I understand that this is partially satire. However, I can't possibly find a good reason for allowing someone to live a happy, normal life after he/she ends the life of one or more people and ruins the lives of many others. That isn't justice, and it isn't punishment.

CP us.gif
moif
To some degree I agree with CP. Prison is meant to be a punishment and should not be a holiday camp.... but on the other hand, I don't see why life itself must be a punishment given that the actual punishment is the loss of liberty prison forces onto the criminal. I think how you treat other people says a lot about who you are.
If you treat people like animals then at heart, how are you any better than they?

I would argue that prisoners should be put to work and the profits they generate should go to their own upkeep thus keeping the burden of their lives off the taxpayers.
Any surplus profit they make could go to buying them certain 'luxuries', TV, books, magazines... stuff like that. I don't think prisoners should be allowed access to the internet though.

Those who refused to work would have to accept the most dire conditions but for those who wished to improve their lives within the system there should be the chance to better their lives.


QUOTE(Aevens176)
Ahh... in contrast to all the supporters of bigger prisons and hard labor when they've been imprisoned wrongfully?? I don't really think many men imprisoned wrongfully are big fans of the system at all.
Bah! I invite you to choose between death row and life imprisonment as an innocent man convicted by mistake.

NiteGuy
QUOTE(aevans176 @ Nov 22 2005, 04:20 PM)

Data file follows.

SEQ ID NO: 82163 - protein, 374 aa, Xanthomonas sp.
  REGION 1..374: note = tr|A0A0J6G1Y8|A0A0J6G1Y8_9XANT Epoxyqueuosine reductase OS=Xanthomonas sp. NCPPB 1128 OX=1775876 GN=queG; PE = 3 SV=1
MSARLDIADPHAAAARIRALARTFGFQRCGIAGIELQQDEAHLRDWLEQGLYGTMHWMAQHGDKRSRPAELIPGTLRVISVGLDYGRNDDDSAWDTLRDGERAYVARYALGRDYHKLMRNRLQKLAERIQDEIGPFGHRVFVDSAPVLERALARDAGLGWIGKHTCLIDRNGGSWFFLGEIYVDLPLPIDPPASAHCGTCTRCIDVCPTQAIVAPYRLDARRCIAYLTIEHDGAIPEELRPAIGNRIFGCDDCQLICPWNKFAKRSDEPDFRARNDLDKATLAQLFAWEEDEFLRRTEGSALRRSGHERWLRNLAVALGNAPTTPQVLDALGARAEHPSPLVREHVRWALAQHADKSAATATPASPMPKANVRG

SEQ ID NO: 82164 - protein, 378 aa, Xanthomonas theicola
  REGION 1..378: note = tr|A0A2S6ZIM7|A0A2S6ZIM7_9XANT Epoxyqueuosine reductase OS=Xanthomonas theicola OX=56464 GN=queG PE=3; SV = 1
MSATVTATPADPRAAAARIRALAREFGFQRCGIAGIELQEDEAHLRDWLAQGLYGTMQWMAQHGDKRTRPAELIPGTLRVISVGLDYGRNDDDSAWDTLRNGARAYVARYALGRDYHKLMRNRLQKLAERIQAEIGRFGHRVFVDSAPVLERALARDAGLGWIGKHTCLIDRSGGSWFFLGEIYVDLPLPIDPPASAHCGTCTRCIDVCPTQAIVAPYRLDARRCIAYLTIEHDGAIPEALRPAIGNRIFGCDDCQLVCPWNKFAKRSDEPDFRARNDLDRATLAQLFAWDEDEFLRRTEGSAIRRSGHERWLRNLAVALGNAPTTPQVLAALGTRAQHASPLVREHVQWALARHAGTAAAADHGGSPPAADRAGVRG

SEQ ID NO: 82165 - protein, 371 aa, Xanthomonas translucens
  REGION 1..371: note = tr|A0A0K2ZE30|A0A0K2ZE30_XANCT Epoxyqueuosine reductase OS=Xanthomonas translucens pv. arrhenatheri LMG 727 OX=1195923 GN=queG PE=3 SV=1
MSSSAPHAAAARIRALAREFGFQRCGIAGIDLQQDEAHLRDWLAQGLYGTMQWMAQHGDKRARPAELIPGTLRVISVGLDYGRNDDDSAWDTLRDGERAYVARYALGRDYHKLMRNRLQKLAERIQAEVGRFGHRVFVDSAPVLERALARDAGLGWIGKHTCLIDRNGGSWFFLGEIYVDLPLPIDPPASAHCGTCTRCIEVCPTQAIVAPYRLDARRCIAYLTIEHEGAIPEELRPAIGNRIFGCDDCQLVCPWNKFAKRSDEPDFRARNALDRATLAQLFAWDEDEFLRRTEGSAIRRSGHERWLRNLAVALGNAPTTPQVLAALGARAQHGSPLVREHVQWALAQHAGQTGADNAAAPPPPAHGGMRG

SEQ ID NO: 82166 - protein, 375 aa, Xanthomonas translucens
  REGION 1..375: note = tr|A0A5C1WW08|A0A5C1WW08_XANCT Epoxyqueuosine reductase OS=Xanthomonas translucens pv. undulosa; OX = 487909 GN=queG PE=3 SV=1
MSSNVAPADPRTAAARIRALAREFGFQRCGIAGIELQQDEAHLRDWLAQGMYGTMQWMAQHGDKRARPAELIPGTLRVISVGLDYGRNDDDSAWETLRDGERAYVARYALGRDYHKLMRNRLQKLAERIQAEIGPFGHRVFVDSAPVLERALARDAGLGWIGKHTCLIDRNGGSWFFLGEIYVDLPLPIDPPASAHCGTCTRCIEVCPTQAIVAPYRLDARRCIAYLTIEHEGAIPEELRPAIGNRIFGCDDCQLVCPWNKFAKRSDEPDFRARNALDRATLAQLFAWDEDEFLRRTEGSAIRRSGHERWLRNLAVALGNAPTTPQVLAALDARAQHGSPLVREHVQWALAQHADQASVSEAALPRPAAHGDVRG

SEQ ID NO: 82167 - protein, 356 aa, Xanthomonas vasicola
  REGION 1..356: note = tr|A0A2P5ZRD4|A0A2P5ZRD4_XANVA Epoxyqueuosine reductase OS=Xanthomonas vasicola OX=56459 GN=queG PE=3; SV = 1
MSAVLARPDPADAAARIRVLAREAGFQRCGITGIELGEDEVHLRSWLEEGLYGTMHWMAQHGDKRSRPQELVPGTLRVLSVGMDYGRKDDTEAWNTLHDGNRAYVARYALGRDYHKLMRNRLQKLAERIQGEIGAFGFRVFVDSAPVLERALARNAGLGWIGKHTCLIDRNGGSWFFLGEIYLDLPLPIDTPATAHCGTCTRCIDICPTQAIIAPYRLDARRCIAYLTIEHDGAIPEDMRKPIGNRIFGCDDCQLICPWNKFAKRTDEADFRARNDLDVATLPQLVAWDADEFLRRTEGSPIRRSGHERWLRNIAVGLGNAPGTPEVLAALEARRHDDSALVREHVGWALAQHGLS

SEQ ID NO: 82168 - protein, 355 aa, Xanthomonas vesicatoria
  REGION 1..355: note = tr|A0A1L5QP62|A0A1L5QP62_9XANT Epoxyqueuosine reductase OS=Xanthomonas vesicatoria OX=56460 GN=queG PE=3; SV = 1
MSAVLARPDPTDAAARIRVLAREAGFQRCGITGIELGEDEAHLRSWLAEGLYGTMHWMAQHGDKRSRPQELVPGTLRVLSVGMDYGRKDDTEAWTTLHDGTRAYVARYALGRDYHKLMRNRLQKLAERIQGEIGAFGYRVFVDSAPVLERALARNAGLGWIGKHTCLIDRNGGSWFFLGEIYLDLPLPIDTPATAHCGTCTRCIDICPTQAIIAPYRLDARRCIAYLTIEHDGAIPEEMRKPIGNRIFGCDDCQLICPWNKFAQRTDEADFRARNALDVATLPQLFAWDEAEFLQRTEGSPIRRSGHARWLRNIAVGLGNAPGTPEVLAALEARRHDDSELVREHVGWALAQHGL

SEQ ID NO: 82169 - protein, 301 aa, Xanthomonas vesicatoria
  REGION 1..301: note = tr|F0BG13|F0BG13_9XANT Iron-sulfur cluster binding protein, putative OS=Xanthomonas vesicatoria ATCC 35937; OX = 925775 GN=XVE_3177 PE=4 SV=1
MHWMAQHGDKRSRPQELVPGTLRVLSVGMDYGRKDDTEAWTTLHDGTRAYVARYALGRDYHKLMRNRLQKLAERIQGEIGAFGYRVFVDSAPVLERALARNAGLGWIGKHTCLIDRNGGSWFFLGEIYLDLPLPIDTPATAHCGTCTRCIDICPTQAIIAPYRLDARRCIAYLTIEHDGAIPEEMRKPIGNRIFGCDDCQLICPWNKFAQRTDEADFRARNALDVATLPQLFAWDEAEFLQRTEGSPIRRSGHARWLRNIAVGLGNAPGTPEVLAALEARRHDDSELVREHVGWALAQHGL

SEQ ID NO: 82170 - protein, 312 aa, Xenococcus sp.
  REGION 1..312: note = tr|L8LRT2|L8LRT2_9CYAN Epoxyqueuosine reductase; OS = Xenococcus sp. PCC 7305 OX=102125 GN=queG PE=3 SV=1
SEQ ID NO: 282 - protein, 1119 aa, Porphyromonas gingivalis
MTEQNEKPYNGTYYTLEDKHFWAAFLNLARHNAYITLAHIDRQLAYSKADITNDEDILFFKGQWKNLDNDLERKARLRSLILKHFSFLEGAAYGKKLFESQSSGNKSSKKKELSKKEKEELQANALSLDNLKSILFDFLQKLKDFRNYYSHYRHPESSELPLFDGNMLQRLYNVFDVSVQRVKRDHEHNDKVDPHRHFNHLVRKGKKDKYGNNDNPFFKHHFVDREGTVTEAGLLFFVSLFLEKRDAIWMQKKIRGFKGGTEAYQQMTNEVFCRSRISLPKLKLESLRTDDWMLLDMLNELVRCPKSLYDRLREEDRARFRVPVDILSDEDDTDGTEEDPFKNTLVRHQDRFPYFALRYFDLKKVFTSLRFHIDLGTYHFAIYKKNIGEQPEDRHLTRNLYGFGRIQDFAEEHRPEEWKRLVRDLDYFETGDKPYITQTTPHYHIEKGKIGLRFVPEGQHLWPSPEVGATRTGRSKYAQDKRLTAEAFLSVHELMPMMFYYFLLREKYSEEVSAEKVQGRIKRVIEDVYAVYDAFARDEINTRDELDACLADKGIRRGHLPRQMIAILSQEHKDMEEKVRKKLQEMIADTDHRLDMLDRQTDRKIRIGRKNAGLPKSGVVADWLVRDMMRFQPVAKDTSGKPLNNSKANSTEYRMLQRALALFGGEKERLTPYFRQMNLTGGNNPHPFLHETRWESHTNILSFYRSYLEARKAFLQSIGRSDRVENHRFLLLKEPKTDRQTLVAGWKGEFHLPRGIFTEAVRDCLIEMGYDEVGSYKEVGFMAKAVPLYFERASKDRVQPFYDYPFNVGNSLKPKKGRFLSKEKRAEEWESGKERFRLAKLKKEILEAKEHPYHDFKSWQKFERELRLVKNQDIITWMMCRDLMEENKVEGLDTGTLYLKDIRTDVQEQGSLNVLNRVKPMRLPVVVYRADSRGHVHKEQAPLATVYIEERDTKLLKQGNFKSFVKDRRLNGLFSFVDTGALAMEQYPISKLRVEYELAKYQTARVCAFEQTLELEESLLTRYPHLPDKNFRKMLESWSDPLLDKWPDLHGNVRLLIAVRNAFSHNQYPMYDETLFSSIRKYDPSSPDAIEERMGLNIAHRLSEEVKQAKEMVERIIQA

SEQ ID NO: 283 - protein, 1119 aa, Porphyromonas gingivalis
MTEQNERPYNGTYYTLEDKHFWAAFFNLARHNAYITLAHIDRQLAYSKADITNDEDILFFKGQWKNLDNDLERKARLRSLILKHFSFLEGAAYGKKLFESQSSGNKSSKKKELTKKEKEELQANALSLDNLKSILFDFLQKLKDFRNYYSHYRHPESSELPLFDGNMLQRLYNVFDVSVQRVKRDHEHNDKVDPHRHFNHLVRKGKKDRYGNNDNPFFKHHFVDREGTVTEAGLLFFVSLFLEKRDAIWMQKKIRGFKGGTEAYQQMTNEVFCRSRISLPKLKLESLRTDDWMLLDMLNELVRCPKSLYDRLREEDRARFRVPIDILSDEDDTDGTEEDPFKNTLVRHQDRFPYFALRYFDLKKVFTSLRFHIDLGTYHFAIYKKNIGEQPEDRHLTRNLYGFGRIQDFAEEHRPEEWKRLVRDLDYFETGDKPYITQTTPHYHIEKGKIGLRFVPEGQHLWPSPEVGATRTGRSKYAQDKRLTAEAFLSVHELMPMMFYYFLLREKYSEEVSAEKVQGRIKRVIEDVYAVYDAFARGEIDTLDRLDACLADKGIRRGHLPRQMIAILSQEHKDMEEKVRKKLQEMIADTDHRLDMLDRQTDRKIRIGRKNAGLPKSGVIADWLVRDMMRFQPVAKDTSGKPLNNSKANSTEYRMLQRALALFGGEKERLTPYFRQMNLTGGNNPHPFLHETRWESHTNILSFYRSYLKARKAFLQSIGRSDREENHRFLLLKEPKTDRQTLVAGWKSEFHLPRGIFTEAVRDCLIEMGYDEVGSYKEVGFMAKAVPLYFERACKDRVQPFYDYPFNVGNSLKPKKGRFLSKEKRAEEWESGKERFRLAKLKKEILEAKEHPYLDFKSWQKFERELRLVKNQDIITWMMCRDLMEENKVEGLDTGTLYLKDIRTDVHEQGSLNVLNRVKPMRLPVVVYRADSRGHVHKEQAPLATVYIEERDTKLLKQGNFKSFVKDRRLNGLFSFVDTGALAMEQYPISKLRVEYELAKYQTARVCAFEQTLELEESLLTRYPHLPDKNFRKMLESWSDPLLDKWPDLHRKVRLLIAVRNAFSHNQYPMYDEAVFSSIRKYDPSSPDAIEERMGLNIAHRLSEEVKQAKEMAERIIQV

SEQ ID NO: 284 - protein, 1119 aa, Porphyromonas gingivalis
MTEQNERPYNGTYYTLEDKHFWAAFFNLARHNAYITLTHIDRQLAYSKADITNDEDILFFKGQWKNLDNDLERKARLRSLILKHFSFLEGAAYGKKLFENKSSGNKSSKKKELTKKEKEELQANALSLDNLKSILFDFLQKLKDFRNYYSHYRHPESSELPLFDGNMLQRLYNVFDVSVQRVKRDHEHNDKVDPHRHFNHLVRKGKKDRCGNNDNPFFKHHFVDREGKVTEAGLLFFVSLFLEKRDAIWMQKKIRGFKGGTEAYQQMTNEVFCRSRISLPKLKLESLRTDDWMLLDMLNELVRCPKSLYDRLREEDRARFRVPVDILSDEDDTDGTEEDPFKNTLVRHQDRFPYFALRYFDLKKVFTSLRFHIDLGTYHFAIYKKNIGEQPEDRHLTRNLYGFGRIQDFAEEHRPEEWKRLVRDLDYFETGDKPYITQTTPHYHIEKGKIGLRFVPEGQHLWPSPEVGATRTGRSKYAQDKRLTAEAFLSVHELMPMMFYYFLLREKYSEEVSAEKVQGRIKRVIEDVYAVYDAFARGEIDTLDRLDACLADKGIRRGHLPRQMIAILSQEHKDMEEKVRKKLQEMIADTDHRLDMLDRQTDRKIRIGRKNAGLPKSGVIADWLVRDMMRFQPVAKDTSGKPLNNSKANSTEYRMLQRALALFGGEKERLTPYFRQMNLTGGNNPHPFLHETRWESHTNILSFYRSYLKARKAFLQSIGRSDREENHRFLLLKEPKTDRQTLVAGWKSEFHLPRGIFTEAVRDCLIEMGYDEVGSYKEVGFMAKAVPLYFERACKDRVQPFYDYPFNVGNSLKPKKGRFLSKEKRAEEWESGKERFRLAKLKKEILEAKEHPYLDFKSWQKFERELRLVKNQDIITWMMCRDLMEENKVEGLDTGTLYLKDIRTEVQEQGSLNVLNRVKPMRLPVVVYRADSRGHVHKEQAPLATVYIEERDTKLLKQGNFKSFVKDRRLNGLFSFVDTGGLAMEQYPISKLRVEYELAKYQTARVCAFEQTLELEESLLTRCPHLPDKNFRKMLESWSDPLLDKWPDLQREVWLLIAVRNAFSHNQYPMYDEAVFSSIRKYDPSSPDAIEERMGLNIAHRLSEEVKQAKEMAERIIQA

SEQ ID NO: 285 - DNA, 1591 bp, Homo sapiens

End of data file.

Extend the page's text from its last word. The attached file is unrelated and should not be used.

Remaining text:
QUOTE(moif @ Nov 22 2005, 05:07 PM)
There is not one single supporter of the death penalty who would continue to support execution by the state if they found themselves on death row, charged with a crime they hadn't committed.
*



Ahh... in contrast to all the supporters of bigger prisons and hard labor when they've been imprisoned wrongfully?? I don't really think many men imprisoned wrongfully are big fans of the system at all.

No, aevans, I don't imagine they are. However, if a mistake has been found to have been made after ten years, we can at least release the innocent person, offer him a sincere apology, and some cash to somewhat make up for the mistake. How do you propose making it up to someone you've already executed? Somehow, I don't think "oops" is gonna cover it.

QUOTE
That being said, since the beginning of forensic evidence and modern science, how many people are even wrongfully convicted?

Well, there are some crimes, like the one that started this thread, where forensic evidence is unavailable, or inconclusive in placing someone at a crime. That and the fact that, from the story we have from the witnesses in this case, one wasn't sure, but was pressured to identify the suspect by police. And this is what was taken to the courtroom. Eyewitness tesimony, as almost anyone will tell you, is the least reliable evidence of all. A life shouldn't hang in the balance because of it.

QUOTE
How can you quantify in US history the number of people that have been executed wrongfully?  How does that contrast to the large increase in crime since the inception of judicial activism in the 1960's?